Horses in the UK
Table of Contents
We keep a vast number of horses in the UK (estimates suggest about 1,000,000), whether for pleasure or for sport. They are incredibly willing servants and do so well for us, by and large. It is vital that we do all we can to maintain welfare for these noble creatures.
There is a small number of neglect cases in the UK, as in any country. These are, happily, not common and education should help to prevent such unfortunate events. There are some more common areas that the AVMC would like to flag up, however, as ‘welfare hotspots’, to which every caring ‘owner' should attend. Of course, there are others, but these points are of frequent concern to us. There are 15 main points:
1. Saddling – The general situation in the UK is not good. There are times, driving around the country, when it is tempting to ask riders to get off their horses and take a look at the saddle, so obvious are the faults, even from a distance. This is not negligence, on the part of most riders. They often seek the advice of the saddling industry. Much needs to be done to improve the general standard of saddling, so that horses can be ridden (and enjoyed) without pain (see saddling).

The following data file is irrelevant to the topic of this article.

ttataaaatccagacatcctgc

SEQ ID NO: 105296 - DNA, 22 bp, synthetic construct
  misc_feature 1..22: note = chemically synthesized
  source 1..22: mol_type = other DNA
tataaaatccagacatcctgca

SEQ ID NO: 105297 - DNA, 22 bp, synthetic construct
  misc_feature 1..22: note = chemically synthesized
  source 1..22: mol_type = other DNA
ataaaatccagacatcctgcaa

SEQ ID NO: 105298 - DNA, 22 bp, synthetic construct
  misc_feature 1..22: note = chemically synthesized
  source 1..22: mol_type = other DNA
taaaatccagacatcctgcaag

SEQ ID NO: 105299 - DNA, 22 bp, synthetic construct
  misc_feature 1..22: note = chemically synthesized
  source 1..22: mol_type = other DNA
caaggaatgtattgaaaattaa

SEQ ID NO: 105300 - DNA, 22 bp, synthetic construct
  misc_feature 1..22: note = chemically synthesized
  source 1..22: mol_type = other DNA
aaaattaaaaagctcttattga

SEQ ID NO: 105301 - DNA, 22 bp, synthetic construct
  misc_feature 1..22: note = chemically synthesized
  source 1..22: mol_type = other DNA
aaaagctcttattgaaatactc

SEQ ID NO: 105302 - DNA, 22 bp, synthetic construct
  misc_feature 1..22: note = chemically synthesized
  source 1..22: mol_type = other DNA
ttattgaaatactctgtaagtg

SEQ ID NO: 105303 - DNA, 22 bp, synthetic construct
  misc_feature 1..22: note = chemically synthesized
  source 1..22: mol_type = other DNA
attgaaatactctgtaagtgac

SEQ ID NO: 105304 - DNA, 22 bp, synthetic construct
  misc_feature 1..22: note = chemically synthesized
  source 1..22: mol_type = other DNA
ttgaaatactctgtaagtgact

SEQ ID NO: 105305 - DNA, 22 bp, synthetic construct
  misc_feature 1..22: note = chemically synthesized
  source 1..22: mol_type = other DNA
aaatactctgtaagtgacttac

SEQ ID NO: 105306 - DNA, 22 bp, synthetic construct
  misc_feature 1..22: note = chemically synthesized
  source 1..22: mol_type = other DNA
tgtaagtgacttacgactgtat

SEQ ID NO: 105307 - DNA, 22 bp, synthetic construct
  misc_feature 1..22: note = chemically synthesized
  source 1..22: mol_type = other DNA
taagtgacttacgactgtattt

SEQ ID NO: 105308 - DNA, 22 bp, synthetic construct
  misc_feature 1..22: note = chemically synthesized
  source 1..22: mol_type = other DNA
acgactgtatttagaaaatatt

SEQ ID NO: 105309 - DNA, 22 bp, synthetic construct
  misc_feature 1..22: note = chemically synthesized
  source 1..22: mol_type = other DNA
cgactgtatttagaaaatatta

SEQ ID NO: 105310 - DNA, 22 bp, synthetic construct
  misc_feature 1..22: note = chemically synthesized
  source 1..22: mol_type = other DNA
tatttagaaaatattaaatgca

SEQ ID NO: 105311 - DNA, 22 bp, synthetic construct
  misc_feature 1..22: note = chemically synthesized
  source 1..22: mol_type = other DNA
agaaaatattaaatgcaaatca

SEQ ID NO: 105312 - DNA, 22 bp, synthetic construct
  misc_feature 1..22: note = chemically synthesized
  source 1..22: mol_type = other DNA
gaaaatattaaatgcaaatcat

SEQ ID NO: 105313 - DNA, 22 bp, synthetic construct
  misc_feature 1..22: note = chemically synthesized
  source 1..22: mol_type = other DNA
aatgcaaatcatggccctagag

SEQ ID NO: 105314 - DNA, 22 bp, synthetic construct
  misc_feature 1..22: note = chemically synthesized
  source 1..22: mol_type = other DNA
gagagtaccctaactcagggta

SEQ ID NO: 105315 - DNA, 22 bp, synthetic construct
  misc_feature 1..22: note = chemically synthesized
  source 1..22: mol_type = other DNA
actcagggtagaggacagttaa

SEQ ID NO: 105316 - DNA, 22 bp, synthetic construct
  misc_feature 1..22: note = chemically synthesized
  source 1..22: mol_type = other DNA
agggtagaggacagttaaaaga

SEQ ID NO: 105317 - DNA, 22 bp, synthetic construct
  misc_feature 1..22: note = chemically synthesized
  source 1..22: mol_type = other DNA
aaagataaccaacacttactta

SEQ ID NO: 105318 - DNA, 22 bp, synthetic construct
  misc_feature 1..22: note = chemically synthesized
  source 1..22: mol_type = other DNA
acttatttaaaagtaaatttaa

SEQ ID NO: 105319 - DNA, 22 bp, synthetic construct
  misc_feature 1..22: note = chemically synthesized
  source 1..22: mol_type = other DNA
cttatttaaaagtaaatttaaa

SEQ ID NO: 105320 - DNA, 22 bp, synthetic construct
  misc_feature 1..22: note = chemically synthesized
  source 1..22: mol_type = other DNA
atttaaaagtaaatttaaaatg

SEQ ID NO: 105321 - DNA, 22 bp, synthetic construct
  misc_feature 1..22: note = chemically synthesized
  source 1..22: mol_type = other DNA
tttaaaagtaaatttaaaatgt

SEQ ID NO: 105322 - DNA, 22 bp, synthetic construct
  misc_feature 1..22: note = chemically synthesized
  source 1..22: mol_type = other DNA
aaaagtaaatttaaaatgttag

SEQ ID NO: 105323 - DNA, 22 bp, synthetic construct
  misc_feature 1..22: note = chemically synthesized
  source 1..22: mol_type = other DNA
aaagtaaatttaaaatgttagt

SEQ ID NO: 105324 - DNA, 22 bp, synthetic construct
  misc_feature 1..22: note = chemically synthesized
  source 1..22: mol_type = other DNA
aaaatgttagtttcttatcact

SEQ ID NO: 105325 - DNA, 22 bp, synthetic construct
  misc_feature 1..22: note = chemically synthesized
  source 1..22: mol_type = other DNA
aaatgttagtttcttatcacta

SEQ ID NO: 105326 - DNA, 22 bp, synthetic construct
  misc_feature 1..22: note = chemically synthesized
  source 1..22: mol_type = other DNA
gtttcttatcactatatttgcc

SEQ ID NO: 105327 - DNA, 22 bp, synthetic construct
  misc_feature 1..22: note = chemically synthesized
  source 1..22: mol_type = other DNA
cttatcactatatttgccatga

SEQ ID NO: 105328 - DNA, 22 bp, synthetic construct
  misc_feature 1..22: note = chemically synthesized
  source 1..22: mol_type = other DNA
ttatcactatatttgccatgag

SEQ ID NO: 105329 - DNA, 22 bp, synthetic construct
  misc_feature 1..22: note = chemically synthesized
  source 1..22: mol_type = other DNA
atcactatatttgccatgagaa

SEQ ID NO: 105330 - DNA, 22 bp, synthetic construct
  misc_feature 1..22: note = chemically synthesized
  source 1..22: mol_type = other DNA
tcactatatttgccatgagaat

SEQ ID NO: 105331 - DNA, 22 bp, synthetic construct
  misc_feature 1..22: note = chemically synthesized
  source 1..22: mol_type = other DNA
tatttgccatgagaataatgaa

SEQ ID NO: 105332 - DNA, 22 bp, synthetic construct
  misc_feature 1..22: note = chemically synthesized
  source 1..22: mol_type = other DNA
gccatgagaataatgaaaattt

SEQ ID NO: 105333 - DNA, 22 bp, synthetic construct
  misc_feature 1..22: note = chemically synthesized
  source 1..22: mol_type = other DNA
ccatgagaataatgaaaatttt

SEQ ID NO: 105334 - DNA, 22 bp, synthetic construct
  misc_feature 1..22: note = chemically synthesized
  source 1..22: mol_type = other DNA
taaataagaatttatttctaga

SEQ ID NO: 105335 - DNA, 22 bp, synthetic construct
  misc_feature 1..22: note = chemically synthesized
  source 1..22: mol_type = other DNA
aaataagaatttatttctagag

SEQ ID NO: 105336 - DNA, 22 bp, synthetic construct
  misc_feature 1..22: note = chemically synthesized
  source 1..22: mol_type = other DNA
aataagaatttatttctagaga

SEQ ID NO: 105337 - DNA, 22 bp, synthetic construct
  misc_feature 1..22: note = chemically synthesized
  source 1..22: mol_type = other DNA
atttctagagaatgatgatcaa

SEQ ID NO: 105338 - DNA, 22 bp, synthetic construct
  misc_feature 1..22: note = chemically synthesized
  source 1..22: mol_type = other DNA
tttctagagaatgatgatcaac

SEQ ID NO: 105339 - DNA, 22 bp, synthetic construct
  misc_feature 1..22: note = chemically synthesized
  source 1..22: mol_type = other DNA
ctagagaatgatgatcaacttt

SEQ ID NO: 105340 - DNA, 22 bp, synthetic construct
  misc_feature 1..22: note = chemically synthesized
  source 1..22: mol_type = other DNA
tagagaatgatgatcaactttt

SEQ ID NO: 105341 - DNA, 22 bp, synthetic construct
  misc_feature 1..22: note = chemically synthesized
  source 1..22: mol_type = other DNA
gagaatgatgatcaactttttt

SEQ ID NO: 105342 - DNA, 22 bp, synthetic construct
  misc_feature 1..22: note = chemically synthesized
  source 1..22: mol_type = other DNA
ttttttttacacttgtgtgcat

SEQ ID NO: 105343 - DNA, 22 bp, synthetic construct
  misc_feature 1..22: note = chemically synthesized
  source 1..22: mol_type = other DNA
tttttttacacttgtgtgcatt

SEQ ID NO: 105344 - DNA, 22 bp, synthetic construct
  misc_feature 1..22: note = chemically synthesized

2. Shoeing – If a horse’s shoe is put on in an unbalanced way, it will cause trouble. Many horses that I see have one or other foot displaying some sort of balance problem. Any imbalance should be promptly corrected, for welfare reasons (see shoeing).
3. Backs – There are many horses working with bad backs. It is common in the human world, why not also in the equine world? Affected horses require chiropractic manipulation. Regular attention is advised, from a properly qualified practitioner (see chiropractic).
4. Riding schools – While most establishments are good to their horses, some do exploit them. Veterinary inspection needs to be a more detailed affair than it is now, including examination of feed, saddles and tack. In many schools, one saddle is expected to fit several horses. If proper saddling can’t be afforded, the school should not continue.